This post was written by our administrative assistant Audrey Zada who is also an alumna of our program from cohort I.
His words taught generations of people to be empathetic, respectful and to care about this horrific part of his life. Everyone I knew read Night in high school, and through Wiesel’s story became connected to at least a small part of the Holocaust.
I chose to study at Boston University for my undergraduate degree so I could be a part of the Elie Wiesel Center for Jewish Studies, and as a junior I had the priceless privilege of taking a course with Professor Wiesel. The class was held in a beautiful library in a converted brownstone, and a small group of students sat around a large elegant table with Professor Wiesel standing at its head. Each week we read one of his fiction novels and discussed it with him. It was magical. I learned so much about literature and humanity, and was in absolute awe of him.
He talked to us about how he decided to include certain characters, and the people from his childhood they were based on, welcoming us all into such personal parts of his life. Everything he said seemed to have more meaning than I could grasp, but he made us all feel comfortable enough to ask him all kinds of questions about his books and life.
I remember one day someone asked him if he ever thought the Israeli-Palestinian conflict could be resolved. With a hopeful smile he said “In my lifetime I saw Auschwitz be created and destroyed. We cannot imagine what can happen while we are here.”
He is famous for his endless accomplishments, and I think most well known for his insistence that we consider ourselves witnesses to the memory of the Holocaust, a concept now immortalized because of his influence on the United States Holocaust Memorial Museum. He taught us that indifference was more dangerous than hatred and anger, and in class he applied this to all of the atrocities of our lifetime.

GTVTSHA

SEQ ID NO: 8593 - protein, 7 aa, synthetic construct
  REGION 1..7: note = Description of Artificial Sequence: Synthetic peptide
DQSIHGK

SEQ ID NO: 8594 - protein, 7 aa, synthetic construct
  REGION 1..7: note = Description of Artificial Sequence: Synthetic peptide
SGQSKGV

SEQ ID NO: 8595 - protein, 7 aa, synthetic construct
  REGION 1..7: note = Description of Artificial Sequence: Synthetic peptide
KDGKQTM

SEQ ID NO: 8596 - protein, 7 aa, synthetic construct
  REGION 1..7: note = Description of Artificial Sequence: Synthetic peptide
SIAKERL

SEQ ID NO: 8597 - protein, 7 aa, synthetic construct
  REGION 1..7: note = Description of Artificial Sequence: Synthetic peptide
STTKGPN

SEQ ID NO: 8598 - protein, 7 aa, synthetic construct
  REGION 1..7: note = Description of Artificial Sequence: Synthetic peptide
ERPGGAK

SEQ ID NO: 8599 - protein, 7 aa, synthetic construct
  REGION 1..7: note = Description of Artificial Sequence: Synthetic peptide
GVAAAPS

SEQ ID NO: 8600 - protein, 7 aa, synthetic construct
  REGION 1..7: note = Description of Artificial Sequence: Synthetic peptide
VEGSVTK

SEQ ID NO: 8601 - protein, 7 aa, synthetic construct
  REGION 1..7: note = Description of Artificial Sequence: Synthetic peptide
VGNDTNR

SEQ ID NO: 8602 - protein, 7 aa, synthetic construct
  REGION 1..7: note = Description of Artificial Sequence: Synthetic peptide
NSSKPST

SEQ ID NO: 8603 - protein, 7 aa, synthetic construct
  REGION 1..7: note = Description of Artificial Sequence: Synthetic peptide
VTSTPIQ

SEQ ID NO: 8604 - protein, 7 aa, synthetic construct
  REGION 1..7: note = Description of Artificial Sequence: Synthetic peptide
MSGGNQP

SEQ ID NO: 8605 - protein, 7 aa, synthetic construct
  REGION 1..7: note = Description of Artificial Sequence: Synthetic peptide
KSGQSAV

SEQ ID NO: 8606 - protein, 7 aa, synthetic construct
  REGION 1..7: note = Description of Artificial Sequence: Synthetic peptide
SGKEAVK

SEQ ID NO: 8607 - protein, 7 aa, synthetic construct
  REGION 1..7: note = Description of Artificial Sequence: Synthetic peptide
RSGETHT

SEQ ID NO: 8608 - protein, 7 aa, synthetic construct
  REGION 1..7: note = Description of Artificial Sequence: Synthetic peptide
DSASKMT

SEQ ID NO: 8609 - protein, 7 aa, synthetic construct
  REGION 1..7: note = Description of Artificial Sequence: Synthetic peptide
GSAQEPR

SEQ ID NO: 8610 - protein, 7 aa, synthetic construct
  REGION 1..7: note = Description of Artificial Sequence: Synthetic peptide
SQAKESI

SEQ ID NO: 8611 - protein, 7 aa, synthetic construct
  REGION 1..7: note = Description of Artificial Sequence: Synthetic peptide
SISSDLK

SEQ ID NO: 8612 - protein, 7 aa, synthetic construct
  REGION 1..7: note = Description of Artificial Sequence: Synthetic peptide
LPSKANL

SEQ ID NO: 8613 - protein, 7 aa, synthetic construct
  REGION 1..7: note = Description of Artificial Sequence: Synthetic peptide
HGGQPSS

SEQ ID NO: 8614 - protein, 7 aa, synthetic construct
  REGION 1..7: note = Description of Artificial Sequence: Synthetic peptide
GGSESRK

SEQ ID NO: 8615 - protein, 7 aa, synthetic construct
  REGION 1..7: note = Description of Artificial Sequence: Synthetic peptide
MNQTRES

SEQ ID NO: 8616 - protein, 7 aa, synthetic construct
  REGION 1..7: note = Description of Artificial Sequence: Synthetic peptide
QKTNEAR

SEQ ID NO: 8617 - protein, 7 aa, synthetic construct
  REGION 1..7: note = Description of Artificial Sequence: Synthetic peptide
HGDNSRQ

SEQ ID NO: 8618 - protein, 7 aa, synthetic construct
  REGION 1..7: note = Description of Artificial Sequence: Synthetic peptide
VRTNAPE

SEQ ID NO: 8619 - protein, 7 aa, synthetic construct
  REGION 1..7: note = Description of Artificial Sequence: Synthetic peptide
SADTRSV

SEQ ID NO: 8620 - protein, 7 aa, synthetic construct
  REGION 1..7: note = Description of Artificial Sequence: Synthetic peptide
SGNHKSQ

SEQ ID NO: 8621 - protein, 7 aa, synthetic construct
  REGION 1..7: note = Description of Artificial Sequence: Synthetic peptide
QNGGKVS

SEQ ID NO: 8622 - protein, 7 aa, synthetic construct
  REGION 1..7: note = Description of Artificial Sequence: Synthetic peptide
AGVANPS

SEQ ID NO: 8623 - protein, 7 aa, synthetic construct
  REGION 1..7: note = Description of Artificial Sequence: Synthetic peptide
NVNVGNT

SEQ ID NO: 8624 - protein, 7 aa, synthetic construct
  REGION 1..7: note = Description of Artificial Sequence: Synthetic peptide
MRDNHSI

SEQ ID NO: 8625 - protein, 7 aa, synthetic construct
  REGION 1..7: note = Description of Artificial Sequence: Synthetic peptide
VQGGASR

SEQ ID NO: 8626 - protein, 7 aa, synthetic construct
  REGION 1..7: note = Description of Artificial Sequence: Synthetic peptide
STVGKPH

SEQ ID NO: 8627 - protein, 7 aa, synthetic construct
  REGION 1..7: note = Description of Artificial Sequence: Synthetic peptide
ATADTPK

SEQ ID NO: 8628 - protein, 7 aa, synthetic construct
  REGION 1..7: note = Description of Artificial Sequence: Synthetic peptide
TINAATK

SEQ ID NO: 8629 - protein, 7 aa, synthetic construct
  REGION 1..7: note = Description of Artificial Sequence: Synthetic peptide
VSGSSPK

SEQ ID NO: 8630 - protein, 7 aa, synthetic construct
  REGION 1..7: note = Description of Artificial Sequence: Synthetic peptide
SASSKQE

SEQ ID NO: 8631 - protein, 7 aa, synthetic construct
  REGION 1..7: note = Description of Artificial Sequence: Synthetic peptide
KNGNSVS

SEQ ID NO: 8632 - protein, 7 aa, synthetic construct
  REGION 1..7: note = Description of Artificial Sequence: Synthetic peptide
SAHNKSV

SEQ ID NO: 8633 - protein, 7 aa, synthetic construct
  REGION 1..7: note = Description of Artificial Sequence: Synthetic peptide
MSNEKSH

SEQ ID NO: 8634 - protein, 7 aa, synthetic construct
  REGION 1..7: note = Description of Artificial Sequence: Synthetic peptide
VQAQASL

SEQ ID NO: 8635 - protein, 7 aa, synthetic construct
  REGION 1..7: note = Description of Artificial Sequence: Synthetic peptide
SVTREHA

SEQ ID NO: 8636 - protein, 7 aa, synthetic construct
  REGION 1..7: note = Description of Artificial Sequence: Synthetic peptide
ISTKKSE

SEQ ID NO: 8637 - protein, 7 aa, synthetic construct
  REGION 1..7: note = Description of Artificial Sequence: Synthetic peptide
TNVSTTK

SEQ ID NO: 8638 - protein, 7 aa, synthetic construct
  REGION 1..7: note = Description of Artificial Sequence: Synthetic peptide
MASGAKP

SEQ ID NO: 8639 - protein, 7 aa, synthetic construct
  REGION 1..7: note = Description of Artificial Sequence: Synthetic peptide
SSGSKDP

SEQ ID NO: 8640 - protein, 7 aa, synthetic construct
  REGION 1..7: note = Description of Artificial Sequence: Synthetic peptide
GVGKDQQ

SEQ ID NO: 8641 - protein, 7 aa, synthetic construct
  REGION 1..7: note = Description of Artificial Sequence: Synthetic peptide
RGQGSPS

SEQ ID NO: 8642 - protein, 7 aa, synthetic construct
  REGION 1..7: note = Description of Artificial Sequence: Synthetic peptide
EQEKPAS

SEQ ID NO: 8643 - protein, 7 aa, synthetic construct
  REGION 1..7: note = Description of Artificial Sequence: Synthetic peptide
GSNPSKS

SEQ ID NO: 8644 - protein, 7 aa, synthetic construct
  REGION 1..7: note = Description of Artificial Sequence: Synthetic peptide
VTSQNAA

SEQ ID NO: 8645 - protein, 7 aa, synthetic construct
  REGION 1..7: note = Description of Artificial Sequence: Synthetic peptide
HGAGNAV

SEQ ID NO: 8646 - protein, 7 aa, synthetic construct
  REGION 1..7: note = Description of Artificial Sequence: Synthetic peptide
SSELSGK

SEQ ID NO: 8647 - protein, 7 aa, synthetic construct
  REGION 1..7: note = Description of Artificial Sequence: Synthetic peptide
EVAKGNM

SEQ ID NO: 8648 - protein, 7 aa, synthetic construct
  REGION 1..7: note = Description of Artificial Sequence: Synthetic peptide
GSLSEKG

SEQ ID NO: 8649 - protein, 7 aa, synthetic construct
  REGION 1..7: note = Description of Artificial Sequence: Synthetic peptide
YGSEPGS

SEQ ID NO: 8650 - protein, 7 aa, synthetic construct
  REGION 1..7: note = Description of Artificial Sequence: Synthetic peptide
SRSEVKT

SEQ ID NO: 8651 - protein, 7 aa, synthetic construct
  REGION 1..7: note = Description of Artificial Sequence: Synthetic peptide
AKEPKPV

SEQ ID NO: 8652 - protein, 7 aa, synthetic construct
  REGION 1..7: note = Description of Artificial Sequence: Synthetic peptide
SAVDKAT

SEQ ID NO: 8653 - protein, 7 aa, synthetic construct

Professor Wiesel’s discourse on indifference is what led me to pursue my MA in Holocaust Studies at the University of Haifa, and to write my thesis about the bystander. His words were with me every step of the way, and now as a member of the MA program’s staff, his picture sits on my desk, overseeing all the work we do here.
Seeing our current students and alumni react to his passing is like watching a community grieve the loss of a family member. I know I’m not the only who came here with a quote of his written in the cover of a notebook, inspired and ready to preserve the memory of the Holocaust because of his influence.
It’s hard to believe he’s gone because his words and books will continue to influence humanity for generations, but the sense of loss is there. So many of the people who apply to our program do so with hopes of making a difference in this world like Professor Wiesel did. Because of him I refuse to be indifferent. I refuse to forget his story, his baby sister Tzipora he mourned so deeply for, and the wisdom and kindness he shared with the world.
Our program wishes to thank him for helping to establish the study of the Holocaust as one that pursues the betterment of humanity and promotes social justice.